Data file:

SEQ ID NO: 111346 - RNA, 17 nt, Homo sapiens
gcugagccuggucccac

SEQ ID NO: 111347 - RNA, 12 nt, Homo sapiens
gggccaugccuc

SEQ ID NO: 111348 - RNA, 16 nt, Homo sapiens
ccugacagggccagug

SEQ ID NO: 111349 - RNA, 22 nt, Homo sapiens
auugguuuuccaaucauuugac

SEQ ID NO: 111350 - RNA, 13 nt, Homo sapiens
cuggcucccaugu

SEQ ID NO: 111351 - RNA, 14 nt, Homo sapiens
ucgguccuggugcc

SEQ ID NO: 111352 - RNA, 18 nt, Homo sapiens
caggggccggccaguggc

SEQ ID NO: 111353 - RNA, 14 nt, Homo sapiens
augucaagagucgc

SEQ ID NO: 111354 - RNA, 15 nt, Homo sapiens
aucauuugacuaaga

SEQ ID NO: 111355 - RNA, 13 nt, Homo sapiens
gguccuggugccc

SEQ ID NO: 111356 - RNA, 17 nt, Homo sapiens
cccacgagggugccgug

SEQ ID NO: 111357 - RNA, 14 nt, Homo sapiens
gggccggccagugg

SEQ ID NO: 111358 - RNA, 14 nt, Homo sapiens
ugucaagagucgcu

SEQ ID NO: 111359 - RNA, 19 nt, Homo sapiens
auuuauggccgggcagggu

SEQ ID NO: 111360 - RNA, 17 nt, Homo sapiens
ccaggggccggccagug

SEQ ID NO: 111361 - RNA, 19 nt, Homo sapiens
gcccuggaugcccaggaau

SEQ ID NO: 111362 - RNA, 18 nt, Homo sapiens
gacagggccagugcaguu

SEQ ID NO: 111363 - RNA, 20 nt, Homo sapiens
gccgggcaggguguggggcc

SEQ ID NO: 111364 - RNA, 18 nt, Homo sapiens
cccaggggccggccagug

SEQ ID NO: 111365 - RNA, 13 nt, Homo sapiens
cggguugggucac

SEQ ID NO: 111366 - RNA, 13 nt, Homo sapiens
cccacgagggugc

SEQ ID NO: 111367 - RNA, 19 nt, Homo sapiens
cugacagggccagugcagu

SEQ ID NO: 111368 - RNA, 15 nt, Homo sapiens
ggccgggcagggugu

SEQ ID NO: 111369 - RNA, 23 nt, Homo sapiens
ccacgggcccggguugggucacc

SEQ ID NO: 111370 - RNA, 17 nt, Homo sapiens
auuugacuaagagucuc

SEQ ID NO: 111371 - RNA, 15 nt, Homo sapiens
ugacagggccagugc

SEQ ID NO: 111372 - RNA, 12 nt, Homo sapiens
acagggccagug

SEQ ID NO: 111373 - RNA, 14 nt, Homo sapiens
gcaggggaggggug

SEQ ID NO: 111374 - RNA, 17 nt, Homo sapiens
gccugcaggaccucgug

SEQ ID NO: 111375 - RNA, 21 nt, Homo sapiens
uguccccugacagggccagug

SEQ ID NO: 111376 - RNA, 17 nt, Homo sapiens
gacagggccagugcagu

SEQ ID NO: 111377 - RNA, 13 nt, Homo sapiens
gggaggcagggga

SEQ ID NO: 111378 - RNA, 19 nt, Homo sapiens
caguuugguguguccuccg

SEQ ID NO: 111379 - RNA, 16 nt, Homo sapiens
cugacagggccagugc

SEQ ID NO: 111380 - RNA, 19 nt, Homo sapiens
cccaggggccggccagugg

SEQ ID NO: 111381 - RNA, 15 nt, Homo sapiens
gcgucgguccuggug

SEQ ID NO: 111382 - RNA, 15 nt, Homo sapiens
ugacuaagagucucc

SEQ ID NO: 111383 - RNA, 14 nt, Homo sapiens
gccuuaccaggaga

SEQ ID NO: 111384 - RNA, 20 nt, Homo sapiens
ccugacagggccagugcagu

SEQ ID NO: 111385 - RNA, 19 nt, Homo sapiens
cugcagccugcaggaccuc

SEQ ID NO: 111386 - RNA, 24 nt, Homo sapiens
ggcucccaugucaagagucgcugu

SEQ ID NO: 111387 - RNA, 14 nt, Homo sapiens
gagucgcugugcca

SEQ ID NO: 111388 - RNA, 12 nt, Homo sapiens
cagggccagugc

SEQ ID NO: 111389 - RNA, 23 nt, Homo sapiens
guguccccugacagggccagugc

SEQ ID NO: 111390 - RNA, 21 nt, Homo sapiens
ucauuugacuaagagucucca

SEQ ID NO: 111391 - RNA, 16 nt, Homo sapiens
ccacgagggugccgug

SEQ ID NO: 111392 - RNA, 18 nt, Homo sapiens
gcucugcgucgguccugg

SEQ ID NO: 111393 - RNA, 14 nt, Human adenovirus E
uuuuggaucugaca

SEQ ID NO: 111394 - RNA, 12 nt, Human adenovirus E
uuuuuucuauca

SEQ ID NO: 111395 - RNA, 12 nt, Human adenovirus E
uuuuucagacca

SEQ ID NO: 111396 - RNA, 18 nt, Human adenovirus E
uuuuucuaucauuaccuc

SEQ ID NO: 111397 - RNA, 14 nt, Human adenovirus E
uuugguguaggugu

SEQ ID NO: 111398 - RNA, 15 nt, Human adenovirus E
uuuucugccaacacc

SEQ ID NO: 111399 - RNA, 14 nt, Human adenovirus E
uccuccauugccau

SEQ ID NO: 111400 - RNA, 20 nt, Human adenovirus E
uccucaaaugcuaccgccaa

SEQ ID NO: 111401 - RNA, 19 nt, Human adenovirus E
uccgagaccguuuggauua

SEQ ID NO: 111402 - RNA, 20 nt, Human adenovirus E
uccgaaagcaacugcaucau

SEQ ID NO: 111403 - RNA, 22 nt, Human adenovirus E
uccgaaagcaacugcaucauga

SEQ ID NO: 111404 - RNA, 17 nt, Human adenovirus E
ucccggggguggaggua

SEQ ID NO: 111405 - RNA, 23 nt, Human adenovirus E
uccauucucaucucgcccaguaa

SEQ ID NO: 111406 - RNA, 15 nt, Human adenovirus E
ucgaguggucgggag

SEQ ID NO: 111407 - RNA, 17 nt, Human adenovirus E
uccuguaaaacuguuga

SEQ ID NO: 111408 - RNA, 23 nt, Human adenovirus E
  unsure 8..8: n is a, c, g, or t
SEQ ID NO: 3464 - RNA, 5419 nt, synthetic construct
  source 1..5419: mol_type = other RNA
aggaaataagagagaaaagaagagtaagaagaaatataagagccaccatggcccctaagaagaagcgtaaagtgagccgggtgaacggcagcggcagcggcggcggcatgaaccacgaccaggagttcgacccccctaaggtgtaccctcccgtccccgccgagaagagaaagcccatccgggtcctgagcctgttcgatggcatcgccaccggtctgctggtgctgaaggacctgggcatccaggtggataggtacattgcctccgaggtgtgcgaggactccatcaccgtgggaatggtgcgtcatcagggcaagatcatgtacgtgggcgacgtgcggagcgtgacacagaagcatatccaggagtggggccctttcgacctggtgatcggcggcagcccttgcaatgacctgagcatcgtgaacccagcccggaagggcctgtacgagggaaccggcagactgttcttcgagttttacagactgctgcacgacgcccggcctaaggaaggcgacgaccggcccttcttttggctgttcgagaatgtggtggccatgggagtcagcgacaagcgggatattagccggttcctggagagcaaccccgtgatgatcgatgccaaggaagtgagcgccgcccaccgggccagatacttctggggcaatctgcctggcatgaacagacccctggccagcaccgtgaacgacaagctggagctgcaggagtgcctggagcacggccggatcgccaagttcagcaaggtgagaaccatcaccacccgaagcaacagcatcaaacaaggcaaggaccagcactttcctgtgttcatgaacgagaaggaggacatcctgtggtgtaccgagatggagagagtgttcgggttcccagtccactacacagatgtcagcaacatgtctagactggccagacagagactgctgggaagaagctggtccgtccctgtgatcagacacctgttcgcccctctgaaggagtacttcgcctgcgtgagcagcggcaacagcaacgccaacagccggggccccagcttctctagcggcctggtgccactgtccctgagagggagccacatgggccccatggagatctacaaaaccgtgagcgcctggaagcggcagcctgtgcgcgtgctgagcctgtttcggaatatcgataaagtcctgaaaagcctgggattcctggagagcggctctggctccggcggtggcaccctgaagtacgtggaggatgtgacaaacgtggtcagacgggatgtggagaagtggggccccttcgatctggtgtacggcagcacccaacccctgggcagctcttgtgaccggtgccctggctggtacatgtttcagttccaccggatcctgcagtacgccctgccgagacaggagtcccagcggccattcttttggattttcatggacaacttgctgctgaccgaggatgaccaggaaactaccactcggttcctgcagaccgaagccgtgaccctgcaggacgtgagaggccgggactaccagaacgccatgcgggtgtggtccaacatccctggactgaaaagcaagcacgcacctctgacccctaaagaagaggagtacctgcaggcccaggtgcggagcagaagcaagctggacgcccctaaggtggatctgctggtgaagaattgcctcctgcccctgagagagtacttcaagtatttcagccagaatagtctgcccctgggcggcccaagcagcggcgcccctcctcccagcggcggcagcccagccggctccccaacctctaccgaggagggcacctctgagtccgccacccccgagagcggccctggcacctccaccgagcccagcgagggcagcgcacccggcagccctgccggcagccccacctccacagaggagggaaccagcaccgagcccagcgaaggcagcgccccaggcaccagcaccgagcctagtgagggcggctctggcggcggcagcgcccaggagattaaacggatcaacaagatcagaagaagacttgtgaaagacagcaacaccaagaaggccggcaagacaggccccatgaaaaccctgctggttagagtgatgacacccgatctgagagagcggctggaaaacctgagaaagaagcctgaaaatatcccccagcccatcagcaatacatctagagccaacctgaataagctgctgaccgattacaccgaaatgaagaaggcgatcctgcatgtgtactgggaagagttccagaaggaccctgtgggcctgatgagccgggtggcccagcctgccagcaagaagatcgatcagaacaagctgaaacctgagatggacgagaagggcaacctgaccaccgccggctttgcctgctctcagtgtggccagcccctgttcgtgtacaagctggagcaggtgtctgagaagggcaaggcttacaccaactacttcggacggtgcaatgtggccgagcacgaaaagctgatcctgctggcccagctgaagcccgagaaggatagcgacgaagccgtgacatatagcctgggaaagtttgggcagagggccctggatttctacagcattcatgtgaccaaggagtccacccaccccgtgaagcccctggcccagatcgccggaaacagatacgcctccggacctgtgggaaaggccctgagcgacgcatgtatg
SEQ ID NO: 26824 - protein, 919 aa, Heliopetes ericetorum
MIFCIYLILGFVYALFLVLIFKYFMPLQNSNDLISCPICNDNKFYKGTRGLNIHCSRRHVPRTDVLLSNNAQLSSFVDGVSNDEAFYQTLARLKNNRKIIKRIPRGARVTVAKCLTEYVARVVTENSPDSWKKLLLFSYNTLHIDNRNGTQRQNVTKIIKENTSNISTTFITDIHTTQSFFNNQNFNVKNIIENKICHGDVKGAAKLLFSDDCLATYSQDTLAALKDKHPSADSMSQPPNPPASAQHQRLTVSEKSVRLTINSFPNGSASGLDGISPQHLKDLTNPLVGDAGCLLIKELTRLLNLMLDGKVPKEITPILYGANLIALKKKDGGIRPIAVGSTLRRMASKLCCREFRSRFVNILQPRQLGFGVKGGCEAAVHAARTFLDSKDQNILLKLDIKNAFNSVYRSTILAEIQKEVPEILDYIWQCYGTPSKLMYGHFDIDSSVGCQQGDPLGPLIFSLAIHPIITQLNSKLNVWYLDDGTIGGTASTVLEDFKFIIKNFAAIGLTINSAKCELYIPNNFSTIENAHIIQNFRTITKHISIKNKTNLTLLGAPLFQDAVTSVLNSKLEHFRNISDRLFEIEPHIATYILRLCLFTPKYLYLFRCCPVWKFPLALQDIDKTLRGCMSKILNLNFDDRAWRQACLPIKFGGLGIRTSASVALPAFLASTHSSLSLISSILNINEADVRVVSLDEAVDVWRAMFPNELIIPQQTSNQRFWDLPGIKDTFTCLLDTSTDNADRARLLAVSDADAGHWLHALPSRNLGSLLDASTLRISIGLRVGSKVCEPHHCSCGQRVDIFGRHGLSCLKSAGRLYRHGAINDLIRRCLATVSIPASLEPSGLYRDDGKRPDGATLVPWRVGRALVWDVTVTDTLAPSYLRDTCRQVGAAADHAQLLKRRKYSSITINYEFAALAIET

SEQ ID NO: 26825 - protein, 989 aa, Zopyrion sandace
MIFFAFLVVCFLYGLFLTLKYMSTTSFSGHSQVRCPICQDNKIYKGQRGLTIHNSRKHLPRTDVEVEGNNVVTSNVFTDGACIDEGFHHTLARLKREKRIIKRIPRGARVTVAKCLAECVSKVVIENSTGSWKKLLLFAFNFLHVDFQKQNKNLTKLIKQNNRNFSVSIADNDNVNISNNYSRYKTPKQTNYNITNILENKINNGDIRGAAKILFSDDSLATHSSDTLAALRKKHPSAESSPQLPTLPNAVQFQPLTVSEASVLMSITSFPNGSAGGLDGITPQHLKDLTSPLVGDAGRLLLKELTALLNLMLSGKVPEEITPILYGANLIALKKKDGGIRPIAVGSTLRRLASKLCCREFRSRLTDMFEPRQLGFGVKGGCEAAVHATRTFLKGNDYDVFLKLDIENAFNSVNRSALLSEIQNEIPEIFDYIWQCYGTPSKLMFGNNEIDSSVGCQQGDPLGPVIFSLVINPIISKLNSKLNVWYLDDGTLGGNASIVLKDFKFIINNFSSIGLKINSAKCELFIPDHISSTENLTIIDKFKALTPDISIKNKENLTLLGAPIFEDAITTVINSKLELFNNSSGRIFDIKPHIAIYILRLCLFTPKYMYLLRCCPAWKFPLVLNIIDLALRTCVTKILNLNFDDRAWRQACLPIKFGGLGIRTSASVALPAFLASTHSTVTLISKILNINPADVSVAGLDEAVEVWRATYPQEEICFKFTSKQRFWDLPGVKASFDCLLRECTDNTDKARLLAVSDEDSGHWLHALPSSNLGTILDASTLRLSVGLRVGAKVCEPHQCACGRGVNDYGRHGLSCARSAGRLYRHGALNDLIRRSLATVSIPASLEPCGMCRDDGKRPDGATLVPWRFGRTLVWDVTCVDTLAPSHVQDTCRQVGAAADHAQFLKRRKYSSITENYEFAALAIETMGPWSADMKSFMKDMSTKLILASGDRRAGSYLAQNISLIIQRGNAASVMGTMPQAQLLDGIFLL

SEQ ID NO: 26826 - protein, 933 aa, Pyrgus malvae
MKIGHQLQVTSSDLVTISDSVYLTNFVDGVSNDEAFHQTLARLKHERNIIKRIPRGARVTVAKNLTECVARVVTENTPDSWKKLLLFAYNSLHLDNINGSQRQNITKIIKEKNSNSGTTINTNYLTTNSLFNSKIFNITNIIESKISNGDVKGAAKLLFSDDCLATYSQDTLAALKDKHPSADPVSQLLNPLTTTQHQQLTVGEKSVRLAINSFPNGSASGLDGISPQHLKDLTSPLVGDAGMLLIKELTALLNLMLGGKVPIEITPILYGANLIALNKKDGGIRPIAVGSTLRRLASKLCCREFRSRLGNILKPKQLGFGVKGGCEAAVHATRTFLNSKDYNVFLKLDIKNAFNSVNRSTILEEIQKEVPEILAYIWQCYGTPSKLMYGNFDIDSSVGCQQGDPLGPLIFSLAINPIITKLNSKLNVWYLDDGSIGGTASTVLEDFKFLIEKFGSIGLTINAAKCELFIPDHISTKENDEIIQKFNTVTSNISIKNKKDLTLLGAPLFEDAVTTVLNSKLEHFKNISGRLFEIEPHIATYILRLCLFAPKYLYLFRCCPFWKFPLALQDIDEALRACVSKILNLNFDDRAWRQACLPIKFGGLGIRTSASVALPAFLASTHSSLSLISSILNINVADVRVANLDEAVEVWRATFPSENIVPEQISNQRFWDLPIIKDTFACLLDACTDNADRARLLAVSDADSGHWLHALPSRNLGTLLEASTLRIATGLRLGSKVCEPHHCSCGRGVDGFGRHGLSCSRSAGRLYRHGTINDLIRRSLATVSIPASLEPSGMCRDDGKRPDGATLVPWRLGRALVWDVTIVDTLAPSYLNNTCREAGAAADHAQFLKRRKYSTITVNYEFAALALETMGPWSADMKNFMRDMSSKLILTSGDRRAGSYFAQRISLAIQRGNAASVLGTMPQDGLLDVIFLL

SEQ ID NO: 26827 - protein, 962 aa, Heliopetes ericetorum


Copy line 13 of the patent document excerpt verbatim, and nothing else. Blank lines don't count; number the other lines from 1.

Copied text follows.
SEQ ID NO: 111352 - RNA, 18 nt, Homo sapiens